Minnesota GOP lawmakers back ‘cut, cap and balance’ legislation

House Speaker John Boehner and President Barack Obama at a Thursday meeting discussing deficit reduction.
REUTERS/Jason Reed
House Speaker John Boehner and President Barack Obama at a Thursday meeting discussing deficit reduction.
Rep. John Kline
Rep. John Kline

It’s essentially a symbolic vote for House Republicans, who in May allowed a “clean” (cut-free) debt limit increase to come to the floor simply so they could vote it down. The opposite is happening here: they’ll vote in favor a doomed bill in order to show voter’s their commitment to the cause.

Rep. Tim Walz
Rep. Tim Walz

“It may be a good sound bite, but its bad policy,” said White House communications director Dan Pfeiffer in a conference call with reporters.

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Comments (8)

  1. Submitted by David Greene on 07/19/2011 - 09:59 am.

    “We just don’t have the money to pay for all these programs”

    Here it is. The Big Lie. We _do_ in fact have more than enough to pay for these programs. The problem is the unwillingness of those at the top to contribute to the common good. They’ve got all the resources. The rest of us are handing on by a thread.

  2. Submitted by Alec Timmerman on 07/19/2011 - 10:15 am.

    Richest nation on the planet is out of money? Really?

    Obama offered $3 trillion in cuts! Three Freaking Trillion. They turned it down because it also had one trillion in loophole closures and tax increases.

    Don’t let any conservative fool you for a second that they care about the deficit. If they did, they would have taken Obama’s offer.

  3. Submitted by Neal Rovick on 07/19/2011 - 10:29 am.

    What a pathetic bunch of posturing politicians (in the worst sense of the word).

    Cut, cap and balance?

    First–they should name their cuts. They don’t want to do that because even their pet projects would have to go. The “cut” of their proposal would require reducing the federal budget by $800 billion next year. (By the way, that $800 billion cut would reduce the GDP by 5% next year). The largest cut amount they, themselves, have been willing to put forward is $111 billion. So, “You lie!!” should be heard loud and clear.

    Second, they would “cap” spending and revenue at 18% of GDP. Well, for their information, the only time expenditure came down to near 18% of GDP was during the Clinton administration and the only time revenue was consistently over 18% was during the Clinton administration. So, perhaps these people should be working hard to re-elect Clinton and his policies. (Ref http://en.wikipedia.org/wiki/File:Revenue_and_Expense_to_GDP_Chart_1993_-_2011.png) THe revered Reagan and Bush 1 and Bush 2 met neither of their conditions, so it would be an entirely different world than we have seen that they are proposing to impose.

    Third, “balance”, would be an entirely “pro cyclical” economic measure. Picture cuts in unemployment benefits at times of maximum unemployment. Picture cuts in Medicare and Medicaid when most people are enrolled. As has been well documented before, constitutional measures that control spending have many consequences in subsequent years (see California).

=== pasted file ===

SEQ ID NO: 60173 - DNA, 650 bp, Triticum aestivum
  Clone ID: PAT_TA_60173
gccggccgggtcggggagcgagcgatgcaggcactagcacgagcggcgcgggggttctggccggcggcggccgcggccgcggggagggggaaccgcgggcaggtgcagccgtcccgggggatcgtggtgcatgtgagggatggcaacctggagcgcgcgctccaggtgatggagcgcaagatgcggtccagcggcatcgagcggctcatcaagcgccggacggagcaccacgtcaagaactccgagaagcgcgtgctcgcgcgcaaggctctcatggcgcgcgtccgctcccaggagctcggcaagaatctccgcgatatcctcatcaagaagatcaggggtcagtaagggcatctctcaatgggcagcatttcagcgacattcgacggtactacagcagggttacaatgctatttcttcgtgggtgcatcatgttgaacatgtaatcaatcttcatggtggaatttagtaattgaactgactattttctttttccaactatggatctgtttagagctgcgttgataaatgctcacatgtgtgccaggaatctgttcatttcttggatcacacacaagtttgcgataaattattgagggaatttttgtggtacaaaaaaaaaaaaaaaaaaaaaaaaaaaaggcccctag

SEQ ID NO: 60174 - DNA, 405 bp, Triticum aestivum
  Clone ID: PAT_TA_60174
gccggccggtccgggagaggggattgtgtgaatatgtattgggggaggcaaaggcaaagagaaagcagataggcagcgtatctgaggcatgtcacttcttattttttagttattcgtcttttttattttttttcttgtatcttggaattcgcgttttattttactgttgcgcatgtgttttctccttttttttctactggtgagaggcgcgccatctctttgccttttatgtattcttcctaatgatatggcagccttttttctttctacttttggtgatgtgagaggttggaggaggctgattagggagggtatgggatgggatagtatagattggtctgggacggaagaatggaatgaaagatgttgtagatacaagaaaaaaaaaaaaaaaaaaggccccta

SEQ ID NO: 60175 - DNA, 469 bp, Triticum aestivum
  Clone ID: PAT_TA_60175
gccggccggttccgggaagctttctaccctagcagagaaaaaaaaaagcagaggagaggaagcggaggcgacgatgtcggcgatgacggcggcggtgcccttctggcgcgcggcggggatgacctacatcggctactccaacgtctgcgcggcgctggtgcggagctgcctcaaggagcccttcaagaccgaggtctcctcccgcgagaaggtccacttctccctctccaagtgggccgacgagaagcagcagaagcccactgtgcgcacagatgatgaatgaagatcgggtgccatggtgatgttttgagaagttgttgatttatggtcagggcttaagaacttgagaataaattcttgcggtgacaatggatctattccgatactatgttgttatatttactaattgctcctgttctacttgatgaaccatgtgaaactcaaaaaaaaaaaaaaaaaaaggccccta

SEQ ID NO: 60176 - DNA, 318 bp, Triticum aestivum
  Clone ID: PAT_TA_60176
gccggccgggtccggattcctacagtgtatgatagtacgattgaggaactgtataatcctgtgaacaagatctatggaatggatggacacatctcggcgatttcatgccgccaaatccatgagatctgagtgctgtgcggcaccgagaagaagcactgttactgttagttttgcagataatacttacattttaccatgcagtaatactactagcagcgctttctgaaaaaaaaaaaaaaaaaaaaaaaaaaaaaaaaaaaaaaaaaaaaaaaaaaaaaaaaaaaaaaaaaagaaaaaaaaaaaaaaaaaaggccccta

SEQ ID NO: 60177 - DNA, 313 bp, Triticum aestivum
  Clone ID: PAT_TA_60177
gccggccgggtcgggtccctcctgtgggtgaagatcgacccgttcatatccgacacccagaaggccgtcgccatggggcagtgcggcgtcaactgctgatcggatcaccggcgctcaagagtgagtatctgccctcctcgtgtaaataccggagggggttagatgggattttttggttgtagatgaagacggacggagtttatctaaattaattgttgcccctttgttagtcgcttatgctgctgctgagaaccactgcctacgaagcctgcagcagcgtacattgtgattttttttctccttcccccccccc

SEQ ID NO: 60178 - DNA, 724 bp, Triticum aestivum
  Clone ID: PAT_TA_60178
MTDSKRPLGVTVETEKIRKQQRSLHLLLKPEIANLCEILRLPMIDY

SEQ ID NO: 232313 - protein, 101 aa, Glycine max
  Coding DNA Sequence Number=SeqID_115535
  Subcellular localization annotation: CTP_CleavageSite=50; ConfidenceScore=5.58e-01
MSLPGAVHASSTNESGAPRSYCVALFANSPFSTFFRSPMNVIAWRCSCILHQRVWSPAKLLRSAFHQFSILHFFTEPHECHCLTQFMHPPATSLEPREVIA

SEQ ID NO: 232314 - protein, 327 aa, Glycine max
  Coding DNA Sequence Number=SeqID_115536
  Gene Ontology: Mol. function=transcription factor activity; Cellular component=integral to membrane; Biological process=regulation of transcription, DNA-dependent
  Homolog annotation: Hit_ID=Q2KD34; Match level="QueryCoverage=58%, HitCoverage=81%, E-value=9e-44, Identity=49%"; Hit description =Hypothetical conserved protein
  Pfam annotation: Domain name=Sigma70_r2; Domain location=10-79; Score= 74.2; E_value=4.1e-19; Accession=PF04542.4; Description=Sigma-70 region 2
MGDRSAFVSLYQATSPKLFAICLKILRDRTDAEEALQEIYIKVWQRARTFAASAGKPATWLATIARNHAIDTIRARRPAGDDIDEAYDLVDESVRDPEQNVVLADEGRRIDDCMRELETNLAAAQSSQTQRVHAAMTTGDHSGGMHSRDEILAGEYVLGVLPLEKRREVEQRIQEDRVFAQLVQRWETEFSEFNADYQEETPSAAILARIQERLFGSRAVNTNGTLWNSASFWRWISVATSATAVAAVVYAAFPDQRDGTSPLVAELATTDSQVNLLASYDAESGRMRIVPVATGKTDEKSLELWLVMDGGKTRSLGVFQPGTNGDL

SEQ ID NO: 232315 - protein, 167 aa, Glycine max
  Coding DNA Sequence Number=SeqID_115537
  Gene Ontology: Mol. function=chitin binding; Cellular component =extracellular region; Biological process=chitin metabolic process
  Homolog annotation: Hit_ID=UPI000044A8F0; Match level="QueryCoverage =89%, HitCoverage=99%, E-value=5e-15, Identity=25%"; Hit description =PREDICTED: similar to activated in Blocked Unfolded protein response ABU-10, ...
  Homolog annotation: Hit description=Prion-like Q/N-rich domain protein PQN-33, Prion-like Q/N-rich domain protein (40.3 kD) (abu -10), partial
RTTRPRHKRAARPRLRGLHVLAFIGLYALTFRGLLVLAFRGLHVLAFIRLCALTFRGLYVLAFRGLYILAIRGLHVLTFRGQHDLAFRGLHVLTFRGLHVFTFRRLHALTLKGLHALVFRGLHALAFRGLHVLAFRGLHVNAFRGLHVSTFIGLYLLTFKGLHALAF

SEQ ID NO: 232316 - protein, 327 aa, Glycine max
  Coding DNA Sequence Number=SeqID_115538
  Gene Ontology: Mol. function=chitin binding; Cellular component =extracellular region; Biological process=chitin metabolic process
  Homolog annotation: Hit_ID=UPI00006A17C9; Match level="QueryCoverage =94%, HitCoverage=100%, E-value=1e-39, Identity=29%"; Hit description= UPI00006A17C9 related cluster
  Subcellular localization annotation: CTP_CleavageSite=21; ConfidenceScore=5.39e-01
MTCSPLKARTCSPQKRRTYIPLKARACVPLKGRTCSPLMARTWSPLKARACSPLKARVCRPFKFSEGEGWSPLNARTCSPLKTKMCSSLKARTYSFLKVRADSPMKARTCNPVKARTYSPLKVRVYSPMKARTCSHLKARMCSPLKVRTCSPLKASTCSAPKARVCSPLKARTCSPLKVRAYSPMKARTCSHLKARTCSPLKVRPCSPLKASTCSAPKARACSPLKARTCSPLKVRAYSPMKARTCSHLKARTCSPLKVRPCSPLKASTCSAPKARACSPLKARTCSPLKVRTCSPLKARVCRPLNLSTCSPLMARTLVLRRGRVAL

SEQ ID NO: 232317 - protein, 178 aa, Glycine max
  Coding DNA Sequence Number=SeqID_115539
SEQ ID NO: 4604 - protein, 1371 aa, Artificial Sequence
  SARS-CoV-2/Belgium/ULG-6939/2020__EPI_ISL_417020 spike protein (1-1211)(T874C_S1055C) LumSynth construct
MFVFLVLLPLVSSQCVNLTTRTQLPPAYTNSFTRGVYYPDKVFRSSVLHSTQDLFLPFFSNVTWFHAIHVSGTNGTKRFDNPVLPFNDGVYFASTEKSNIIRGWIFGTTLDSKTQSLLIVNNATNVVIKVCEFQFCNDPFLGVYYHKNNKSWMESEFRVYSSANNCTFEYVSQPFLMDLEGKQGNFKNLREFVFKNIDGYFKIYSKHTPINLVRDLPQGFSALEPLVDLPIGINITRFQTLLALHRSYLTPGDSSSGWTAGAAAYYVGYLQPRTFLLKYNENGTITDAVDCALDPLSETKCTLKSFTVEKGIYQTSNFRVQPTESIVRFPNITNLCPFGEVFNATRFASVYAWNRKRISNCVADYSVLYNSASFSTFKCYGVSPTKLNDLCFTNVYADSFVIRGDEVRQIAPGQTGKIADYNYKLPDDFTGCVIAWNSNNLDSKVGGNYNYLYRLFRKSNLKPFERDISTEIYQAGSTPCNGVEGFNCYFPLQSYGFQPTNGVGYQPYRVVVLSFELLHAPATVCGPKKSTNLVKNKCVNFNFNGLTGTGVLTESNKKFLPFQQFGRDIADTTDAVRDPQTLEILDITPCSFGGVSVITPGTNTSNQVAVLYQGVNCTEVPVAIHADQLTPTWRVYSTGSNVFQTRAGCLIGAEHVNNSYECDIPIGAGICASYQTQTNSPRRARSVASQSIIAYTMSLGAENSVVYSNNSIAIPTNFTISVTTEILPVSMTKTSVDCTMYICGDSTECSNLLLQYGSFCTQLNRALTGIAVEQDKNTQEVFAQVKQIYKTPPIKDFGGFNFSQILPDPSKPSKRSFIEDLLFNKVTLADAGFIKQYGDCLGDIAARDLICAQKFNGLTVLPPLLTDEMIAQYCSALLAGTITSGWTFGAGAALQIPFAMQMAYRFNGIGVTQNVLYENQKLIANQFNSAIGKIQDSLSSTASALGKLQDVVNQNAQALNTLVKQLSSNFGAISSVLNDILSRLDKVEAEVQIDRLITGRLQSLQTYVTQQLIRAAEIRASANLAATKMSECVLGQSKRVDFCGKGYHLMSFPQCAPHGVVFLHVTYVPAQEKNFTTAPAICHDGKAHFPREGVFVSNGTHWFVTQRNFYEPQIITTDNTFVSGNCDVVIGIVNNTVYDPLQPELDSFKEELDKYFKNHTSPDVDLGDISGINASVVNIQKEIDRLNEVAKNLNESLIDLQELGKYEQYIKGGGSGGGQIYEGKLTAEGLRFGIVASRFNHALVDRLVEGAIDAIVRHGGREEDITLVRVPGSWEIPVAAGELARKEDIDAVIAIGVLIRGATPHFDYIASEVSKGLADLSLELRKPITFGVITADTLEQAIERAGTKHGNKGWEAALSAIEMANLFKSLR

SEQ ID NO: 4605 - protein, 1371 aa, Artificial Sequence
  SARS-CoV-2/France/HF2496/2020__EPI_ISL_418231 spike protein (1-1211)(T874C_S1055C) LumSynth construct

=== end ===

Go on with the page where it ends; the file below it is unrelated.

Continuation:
All in all, pandering to the plutocrats continues.

  4. Submitted by Deb Reed on 07/19/2011 - 10:38 am.

    If only republicans would stop playing games! To believe them about anything, they need to cut their pocketbooks just as they want the middle to low income, seniors and education to do! If it wasn’t so sad, you would have to laugh at their ideas!

  5. Submitted by Jon Kingstad on 07/19/2011 - 11:04 am.

    There’s a Tom Tomorrow Cartoon posted yesterday (July 18) that speaks to this that reminds us that last December, Obama compromised by continuing the Bush tax cuts which were set to expire with the understanding that the right wing would be reasonable on the debt ceiling issue. Obama as “Middle-Man” gasps, “no one could have foreseen this!”

    Obviously, ten years are not enough time for the Bush tax cuts to work their magic and start making those jobs!

  6. Submitted by Michael Zalar on 07/19/2011 - 02:24 pm.

    Here’s a nice article on exactly what an 18% cap would mean.
    It seems the Republican creedo is “we need to destroy America to save it”

  7. Submitted by Richard Schulze on 07/19/2011 - 05:07 pm.

    The only smart vote would be to eliminate the debt ceiling vote in the future, and let the annual budget process automatically set the debt limit. But then there wouldn’t be as much camera time …

    I couldn’t believe the GOP would ride the crazy train too far. They are looking for the exit now.

    I hate politics. It is frequently a waste of time …

  8. Submitted by Bernice Vetsch on 07/19/2011 - 05:34 pm.

    Wall Street has apparently told the Republicans that it will not stand for a governmental failure to honor its debts.

    I don’t know if the Street also told them that this new demand — like 99.9% of all their demands — is incredibly destructive and that it would just take a little longer to destroy our government, our economy and that of the world than would merely defaulting on our debts.

    The Chicago School of Economics seems to be as bad for America and the world as the School for Assassins at Fort Benning, albeit a little slower to achieve death rather than just injury.

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